Gene linked to Samoa's obesity epidemic
New research has found a gene carried by half of Samoans is partly behind the island nation's world-leading obesity rates.
Figures from 2010 show 80 percent of Samoan men and 91 percent of women are overweight, placing them sixth out of 196 countries.
Scientists have now found a small part of the epidemic can be blamed on a gene. Rare globally but present in half the Samoan population, its role in fat storage had gone unnoticed until now.
"A previously unknown genetic variant in an understudied gene is strongly associated with body-mass index (BMI) levels and other adiposity (being severe or morbid overweight) measures in Samoan men and women we studied in 2010," said Stephen McGarvey of the United States' Brown University School of Public Health.
Having the gene is associated with a 35 percent higher risk of being obese, "much greater than any other known common BMI risk" according to the study, published in Nature Genetics.
"When people with this form of the gene eat food, they will deposit more of it as fat tissue than people who don't have this version of the gene," says Peter Shepherd, professor of cell signalling at the University of Auckland.
Prof McGarvey says it probably dates back to Samoans' ancient roots in sailing the Pacific and the difficulties they faced in always having enough food to eat. Over the generations, natural selection favoured those carrying it as they were better able to survive.
But on its own, it only accounts for about 2 percent of Samoans' overall weight gain over the centuries, failing on its own to explain Samoans' current position as the world's fattest nation.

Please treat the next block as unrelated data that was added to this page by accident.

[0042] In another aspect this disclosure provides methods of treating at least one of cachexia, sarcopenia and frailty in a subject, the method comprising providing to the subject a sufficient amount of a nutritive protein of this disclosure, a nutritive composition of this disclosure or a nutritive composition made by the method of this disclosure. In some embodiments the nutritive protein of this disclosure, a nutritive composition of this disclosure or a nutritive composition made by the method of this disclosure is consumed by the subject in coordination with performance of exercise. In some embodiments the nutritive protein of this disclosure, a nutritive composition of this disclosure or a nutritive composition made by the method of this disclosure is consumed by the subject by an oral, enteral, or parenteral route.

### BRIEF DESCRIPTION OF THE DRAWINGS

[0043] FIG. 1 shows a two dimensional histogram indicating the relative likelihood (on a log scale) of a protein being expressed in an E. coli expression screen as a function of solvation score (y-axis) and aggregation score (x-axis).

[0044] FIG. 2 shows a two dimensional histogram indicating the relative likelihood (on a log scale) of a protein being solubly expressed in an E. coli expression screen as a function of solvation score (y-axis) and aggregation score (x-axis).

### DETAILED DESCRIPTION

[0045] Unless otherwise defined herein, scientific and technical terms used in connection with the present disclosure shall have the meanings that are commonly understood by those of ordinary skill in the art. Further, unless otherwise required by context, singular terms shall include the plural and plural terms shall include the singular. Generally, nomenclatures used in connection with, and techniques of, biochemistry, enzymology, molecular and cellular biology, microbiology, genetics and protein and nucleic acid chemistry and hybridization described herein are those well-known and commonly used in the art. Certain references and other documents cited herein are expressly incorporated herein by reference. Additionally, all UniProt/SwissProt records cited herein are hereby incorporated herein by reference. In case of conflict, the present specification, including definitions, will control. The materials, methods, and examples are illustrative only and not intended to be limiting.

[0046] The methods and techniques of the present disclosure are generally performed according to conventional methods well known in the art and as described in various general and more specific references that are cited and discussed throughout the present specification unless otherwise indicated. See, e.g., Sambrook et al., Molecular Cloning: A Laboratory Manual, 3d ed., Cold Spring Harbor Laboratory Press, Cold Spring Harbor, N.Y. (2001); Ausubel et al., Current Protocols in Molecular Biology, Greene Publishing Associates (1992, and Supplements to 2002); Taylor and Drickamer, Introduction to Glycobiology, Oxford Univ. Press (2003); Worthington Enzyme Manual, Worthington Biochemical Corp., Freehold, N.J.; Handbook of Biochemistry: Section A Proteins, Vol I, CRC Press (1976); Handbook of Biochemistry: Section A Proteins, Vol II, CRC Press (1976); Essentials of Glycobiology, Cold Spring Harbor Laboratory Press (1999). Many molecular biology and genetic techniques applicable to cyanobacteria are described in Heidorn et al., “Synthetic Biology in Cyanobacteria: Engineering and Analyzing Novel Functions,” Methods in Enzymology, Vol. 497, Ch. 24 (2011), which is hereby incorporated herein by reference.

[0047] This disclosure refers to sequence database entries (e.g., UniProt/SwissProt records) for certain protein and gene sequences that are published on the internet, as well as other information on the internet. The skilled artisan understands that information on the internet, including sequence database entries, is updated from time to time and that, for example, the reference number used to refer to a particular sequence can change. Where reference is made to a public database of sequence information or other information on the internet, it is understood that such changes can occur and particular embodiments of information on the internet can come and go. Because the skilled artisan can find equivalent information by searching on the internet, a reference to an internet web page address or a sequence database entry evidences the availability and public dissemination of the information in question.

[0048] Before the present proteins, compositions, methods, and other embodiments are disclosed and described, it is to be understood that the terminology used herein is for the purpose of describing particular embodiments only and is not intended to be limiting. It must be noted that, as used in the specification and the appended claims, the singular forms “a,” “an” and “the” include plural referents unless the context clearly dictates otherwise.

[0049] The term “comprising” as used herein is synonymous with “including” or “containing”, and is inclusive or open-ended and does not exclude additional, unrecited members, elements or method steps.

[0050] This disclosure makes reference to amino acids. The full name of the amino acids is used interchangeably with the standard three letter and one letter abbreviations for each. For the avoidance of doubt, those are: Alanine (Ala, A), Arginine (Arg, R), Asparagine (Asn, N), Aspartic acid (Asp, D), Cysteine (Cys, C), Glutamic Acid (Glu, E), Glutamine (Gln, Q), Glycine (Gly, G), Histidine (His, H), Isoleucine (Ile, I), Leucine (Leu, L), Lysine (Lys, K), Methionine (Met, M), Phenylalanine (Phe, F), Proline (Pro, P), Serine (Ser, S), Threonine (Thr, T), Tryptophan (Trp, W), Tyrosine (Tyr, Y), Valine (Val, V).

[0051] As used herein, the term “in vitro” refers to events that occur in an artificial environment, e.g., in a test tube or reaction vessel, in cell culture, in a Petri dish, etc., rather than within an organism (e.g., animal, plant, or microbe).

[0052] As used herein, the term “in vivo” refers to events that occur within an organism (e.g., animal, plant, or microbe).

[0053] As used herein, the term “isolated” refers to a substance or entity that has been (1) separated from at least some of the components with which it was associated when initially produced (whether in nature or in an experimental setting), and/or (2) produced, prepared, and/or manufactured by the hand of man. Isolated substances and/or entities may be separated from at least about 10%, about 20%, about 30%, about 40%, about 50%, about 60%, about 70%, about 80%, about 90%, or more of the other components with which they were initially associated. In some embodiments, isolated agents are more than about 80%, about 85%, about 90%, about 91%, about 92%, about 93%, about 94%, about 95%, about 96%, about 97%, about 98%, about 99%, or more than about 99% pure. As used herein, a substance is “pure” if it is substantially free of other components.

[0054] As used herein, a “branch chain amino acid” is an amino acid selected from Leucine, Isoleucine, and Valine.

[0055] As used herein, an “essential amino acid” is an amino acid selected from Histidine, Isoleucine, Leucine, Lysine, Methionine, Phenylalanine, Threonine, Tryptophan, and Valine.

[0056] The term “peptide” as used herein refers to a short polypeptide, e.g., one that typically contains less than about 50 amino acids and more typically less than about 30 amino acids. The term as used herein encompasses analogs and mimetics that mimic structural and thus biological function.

"Samoans weren't obese 200 years ago," says Prof McGarvey. "The gene hasn't changed that rapidly - it's the nutritional environment that changed that rapidly."
Dr Lisa Te Morenga of the Department of Human Nutrition at University of Otago says with so many Samoans overweight, whether they have the gene or not, the focus needs to be on fixing the "obesogenic environment to reduce the availability of highly palatable, cheap, energy dense, nutrient poor processed foods".
"Although genetic studies give us clues as to those who may be more or less at risk of obesity, this becomes rather irrelevant when more than half of the population is obese," she says.
Prof McGarvey agrees that keeping a healthy diet and staying active are all that's needed to offset the gene's effects.
"Don't take this as, 'You are Samoan, you are fated to be obese.' We don't think that's true. We don't have any evidence that that's the case."
Health and genetics experts are calling for more research to be done, particularly on the closely related Māori population.
"The finding that Samoan people have a higher incidence of this gene variant than Europeans shows that different groups in our society are facing different challenges in their efforts to reduce the impact of the modern environment," says Prof Shepherd.
"This knowledge is important as it means we now need to think of strategies that take these differences into account, and to develop targeted strategies rather than trying to use a one-size-fits-all strategy to tackle the epidemic of obesity and diabetes that is facing our society."